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Family Health

How To Start A Family Meal Plan

Jan 12, 2018

Even though I’ve always had the best of intentions, and know that I should, I’ve always struggled to start and follow a family meal plan — and this is coming from a registered dietitian who develops recipes for a living! I stress to my nutrition counselling clients how important it is to have a weekly meal plan, especially with kids, but also know firsthand that it’s challenging (and sometimes overwhelming) to create a new habit and routine, especially when you’re a busy parent.

Menu planning doesn’t have to be overwhelming or time consuming.

The truth is, a good weekly menu plan can save your sanity and make your life a lot easier. There’s nothing worse than coming home from work or daily outings without a dinner plan then scrambling to figure something out last minute, with hungry kids crawling up your legs and all. Meal planning can also save your family a lot of money and cut down significantly on food waste. And if better nutrition is part of your new year’s resolution or plan, menu planning almost always results in more balanced meals.

To make things more realistic and attainable for myself and my family, I’ve decided to make things really, really simple — no fancy templates or complex, gourmet recipes here! Just a realistic plan that I can stick to and that makes sense for my family and lifestyle. Here are my three keys to successful meal planning:


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Focus on suppers only

Forget about planning out the entire week of meals and snacks, it’s too overwhelming and it’s a lot of pressure to try to stick to. Breakfasts tend to be simpler and more repetitive (in our house it’s usually oatmeal, eggs or smoothies), and lunches tend to be easy — leftovers from dinner, or easy options like sandwiches, wraps or finger-food lunches. Instead, focus on dinners only, because they’re generally the more time consuming and labour intensive of the meals. And they can usually spill over to future meals, whether it’s the next day’s lunch, or repurposed into a different supper the next night. Once you’ve mastered suppers, you can venture into other meals if you’d like — or not!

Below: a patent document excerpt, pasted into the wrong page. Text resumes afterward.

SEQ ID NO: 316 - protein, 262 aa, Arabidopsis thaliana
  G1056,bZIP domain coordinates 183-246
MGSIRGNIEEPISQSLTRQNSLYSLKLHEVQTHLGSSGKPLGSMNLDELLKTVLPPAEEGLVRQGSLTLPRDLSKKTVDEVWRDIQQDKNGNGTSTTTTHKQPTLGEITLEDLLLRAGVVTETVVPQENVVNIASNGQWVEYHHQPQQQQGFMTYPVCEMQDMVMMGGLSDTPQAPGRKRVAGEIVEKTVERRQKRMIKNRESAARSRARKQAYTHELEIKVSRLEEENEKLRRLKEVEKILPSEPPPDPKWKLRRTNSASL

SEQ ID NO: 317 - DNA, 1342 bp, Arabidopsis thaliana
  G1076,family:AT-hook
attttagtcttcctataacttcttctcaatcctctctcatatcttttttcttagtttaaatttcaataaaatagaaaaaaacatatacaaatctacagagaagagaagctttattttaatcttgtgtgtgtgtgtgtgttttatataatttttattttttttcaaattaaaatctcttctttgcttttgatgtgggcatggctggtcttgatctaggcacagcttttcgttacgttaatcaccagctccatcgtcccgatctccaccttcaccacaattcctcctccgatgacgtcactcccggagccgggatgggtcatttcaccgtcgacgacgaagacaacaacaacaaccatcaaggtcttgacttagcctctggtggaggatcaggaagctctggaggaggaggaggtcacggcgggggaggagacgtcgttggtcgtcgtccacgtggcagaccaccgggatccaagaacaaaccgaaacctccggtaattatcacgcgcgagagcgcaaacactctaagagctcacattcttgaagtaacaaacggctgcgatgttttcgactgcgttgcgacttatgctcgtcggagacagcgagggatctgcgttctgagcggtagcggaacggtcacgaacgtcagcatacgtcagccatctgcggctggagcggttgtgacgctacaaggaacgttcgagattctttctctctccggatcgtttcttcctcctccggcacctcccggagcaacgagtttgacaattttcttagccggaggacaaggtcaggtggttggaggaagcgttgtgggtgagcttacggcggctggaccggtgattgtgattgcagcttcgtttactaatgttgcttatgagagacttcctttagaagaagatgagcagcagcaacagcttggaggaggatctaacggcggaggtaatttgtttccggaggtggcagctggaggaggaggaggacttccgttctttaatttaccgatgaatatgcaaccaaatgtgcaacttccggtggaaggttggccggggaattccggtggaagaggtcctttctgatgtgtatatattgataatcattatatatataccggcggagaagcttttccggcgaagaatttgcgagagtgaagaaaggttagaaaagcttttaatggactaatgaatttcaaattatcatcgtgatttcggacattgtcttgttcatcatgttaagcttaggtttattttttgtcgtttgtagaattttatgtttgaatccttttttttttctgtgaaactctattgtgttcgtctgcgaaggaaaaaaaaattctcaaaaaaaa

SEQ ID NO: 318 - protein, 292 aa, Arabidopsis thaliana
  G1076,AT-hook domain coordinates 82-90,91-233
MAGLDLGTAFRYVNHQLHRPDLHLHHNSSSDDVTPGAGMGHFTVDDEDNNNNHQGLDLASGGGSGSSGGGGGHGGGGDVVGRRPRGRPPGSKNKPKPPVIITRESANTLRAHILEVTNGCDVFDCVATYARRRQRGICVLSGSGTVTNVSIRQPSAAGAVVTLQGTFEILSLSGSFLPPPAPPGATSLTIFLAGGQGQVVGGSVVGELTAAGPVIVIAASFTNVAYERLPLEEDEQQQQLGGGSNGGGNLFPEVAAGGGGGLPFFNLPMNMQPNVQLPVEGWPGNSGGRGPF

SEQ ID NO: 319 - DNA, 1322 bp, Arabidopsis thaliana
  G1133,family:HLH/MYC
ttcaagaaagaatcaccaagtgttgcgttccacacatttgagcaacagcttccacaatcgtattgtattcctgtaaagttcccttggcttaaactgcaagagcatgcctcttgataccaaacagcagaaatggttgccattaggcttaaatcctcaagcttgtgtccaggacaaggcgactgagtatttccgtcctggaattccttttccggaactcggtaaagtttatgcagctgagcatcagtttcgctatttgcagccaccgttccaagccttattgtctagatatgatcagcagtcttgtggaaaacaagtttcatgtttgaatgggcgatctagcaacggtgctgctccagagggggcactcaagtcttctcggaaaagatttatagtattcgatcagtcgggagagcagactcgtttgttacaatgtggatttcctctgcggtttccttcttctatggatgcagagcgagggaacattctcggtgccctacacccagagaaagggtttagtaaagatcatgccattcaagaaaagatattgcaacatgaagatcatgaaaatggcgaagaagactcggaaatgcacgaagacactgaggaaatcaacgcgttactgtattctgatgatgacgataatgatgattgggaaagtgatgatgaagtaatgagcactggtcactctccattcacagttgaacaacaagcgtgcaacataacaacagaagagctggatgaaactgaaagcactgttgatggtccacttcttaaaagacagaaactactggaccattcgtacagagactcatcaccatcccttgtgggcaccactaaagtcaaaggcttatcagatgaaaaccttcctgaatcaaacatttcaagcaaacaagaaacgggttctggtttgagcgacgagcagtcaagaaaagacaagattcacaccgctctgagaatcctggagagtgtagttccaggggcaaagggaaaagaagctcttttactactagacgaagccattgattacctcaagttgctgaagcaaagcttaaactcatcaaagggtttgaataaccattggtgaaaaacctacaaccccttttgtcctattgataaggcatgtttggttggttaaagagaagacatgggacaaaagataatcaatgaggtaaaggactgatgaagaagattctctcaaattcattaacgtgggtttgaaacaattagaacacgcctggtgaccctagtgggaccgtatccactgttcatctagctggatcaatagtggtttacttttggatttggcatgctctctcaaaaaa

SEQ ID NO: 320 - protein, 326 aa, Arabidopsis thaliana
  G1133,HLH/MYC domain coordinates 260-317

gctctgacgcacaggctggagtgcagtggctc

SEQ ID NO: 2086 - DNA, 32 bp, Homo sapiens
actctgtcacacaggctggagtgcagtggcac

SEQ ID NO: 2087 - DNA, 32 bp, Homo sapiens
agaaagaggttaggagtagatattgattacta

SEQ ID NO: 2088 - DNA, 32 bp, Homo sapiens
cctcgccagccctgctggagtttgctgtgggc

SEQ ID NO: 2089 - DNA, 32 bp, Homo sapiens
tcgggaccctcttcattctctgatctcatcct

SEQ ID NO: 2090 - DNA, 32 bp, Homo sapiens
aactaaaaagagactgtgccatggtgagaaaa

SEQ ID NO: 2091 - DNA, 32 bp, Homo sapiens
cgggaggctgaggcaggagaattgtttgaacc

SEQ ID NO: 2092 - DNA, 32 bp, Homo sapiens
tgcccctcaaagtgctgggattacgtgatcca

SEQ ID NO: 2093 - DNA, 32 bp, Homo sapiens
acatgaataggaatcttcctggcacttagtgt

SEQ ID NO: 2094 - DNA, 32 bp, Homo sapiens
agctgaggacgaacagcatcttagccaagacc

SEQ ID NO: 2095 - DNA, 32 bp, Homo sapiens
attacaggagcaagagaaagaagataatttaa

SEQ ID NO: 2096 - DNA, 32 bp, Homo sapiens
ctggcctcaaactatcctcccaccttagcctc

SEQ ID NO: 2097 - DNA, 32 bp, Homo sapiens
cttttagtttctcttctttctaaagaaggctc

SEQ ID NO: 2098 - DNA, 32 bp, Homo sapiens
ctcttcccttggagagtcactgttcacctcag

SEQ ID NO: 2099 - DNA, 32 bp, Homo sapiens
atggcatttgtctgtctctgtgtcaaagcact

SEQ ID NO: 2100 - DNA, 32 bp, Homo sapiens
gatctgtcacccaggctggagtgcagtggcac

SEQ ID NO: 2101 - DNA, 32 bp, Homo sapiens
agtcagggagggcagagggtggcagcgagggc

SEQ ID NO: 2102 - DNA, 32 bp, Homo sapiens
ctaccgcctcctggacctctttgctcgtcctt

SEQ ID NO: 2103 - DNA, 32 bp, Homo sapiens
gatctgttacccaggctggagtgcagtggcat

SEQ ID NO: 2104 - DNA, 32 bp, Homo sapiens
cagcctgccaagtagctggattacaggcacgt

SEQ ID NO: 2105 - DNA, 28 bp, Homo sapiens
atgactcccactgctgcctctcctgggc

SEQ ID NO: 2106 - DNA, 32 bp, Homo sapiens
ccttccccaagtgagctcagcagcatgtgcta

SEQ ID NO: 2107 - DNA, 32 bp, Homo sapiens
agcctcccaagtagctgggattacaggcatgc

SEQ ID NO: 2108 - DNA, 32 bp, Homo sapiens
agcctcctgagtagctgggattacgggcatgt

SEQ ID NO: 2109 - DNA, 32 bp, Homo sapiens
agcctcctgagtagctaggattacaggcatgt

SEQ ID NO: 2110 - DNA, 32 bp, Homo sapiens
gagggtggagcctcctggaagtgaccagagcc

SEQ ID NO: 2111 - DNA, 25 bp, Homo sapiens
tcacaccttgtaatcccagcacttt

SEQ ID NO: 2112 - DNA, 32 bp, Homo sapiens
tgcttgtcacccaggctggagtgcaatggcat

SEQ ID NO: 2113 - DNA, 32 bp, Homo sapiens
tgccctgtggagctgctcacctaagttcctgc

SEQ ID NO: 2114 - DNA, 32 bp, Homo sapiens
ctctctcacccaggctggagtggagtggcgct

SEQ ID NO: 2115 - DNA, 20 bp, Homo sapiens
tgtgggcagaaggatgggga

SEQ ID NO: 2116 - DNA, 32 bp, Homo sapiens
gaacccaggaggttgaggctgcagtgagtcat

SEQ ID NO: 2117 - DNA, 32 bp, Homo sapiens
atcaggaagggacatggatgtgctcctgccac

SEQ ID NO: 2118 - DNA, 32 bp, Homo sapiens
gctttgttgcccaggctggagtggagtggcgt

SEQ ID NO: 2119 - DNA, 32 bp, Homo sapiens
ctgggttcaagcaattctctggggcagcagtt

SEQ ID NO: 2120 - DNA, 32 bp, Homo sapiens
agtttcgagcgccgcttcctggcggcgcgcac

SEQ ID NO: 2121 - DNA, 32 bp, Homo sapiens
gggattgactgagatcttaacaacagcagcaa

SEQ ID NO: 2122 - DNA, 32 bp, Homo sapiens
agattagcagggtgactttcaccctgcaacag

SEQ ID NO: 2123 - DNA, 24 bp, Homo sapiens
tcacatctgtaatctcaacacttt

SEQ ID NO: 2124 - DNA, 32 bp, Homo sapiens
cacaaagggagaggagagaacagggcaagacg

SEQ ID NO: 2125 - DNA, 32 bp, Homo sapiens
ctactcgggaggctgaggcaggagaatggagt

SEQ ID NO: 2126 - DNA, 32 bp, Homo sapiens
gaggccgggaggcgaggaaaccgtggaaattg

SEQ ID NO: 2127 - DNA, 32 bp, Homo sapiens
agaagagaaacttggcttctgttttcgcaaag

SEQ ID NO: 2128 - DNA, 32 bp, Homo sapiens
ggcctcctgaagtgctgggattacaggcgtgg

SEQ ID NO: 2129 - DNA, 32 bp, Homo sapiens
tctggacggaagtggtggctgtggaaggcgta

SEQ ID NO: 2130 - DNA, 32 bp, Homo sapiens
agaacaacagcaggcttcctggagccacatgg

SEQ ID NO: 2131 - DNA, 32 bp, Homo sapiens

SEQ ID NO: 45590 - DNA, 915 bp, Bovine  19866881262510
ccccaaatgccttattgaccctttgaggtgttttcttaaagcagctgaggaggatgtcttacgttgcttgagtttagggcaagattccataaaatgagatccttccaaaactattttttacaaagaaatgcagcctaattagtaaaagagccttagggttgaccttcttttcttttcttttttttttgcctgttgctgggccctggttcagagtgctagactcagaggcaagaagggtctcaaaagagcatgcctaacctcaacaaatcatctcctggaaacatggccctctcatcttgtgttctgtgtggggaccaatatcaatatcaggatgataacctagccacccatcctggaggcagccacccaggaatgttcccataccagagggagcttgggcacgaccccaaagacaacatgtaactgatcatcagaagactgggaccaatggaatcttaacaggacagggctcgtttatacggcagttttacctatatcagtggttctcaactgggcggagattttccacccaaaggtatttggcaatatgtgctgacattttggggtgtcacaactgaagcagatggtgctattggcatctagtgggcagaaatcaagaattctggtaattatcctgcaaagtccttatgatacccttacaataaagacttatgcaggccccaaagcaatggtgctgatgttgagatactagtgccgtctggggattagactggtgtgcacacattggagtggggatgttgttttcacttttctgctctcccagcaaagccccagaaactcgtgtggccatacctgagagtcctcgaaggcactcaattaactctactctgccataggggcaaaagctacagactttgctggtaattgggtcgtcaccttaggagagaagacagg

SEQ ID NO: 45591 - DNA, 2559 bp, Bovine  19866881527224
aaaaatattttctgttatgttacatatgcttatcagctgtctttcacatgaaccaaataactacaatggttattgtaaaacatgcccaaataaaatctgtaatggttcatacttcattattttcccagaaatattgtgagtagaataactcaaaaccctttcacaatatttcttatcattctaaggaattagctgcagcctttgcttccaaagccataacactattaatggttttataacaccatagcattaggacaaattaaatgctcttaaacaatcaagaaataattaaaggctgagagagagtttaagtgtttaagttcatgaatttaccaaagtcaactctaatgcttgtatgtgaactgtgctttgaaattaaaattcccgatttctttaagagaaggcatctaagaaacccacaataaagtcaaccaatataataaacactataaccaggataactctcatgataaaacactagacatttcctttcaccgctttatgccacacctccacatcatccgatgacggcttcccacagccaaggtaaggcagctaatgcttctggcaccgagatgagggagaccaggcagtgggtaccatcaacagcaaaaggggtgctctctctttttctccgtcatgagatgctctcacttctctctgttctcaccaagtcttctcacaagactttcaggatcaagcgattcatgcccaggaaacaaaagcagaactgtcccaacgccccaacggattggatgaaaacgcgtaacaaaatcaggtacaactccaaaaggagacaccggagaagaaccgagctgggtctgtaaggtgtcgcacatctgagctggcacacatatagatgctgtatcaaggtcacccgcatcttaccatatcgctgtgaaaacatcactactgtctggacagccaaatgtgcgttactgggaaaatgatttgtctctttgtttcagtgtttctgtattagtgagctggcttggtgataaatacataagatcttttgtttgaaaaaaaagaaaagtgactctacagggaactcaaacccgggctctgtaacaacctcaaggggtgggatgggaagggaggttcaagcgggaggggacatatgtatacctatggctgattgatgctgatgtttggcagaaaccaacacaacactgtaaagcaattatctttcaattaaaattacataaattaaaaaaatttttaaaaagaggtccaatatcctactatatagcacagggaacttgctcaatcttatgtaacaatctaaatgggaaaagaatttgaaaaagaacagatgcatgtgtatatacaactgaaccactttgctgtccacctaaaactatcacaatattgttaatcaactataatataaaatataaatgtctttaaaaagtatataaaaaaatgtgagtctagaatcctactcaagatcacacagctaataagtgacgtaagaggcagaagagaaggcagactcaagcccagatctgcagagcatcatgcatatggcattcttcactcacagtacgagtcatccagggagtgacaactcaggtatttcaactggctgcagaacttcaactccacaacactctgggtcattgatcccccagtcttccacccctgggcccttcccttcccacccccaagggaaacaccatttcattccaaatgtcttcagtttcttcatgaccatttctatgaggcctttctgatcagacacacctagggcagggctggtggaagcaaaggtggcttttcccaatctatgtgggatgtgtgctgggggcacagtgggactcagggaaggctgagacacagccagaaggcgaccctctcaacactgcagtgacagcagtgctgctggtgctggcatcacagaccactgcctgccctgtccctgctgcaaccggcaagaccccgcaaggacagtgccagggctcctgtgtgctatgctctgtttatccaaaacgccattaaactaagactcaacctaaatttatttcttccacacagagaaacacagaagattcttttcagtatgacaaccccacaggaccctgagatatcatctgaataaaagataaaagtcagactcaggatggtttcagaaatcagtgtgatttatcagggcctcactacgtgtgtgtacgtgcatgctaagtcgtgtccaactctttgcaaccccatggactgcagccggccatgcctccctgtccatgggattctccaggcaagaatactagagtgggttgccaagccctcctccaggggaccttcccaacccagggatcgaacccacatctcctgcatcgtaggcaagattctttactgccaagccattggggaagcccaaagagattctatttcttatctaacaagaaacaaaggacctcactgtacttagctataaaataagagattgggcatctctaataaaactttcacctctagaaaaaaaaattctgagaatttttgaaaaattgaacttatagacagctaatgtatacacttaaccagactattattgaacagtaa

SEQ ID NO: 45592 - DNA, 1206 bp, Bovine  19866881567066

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Keep recipes simple

As tempting as it is to buy a new stack of beautiful cookbooks and spend a fortune on expensive ingredients that you’ll only use once, keep it simple. Forget the fancy, complicated recipes and focus more on easy, nutritious, quick meals that your family loves. I have a collection of simple, healthy and kid-friendly recipes that I rotate through, and you can start your own too! Pinterest is a great resource, where you can search for recipes that contain ingredients that you always have on hand and that your family loves. Keep the recipes that you find in one place so they’re easy to retrieve, whether that’s a document on your computer or a file folder of printed recipes — organize them in a way that makes sense for you!

Some families find it helpful to choose a daily theme for recipes, so Mondays are Meatless Mondays and Tuesdays are Taco Tuesdays and so on and so forth. Doing this provides a bit of a template for meals, which can simplify things. I’m a big fan of one-pot meals because they’re not only easy, but don’t require a lot of cleanup, which is key! I also like to choose recipes that make for good leftovers that freeze well. Which brings us to the next tip…


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Make big batches and repurpose

I never plan to eat a meal only once (if that makes sense). I always think ahead and plan to eat it at least three times, or repurpose one part of it for another meal later in the week. For example, if one night we have barbecue chicken breasts with veggies and quinoa, I will cook two or three times as many chicken breasts as we need and plan on making things like barbecue chicken pizza, chicken fajitas or chicken fried rice and veggies with the leftovers throughout the week. If we’re making spaghetti, I’ll make a triple batch of sauce and freeze two thirds of it for future meals. If you spend the time cooking, you may as well make extras!


Menu planning doesn’t have to be overwhelming or time consuming. When you simplify things and focus on easy, nutritious recipes and getting the most out of each meal, you’ll find that meal planning is easier than you thought, and much more helpful than you ever imagined!

Article Author Sarah Remmer
Sarah Remmer

Read and watch more from Sarah here.

Sarah Remmer, RD, is a pediatric registered dietitian and owner of Sarah Remmer Nutrition Consulting, a nutrition consulting and communications company based in Calgary, Alberta. Her website and blog contain practical tips and advice for parents and families on feeding and nutrition (everything from pre-natal nutrition to teens), as well as nutritious and easy recipes and videos. Follow Sarah on Facebook for free advice, tips and family-friendly recipes!

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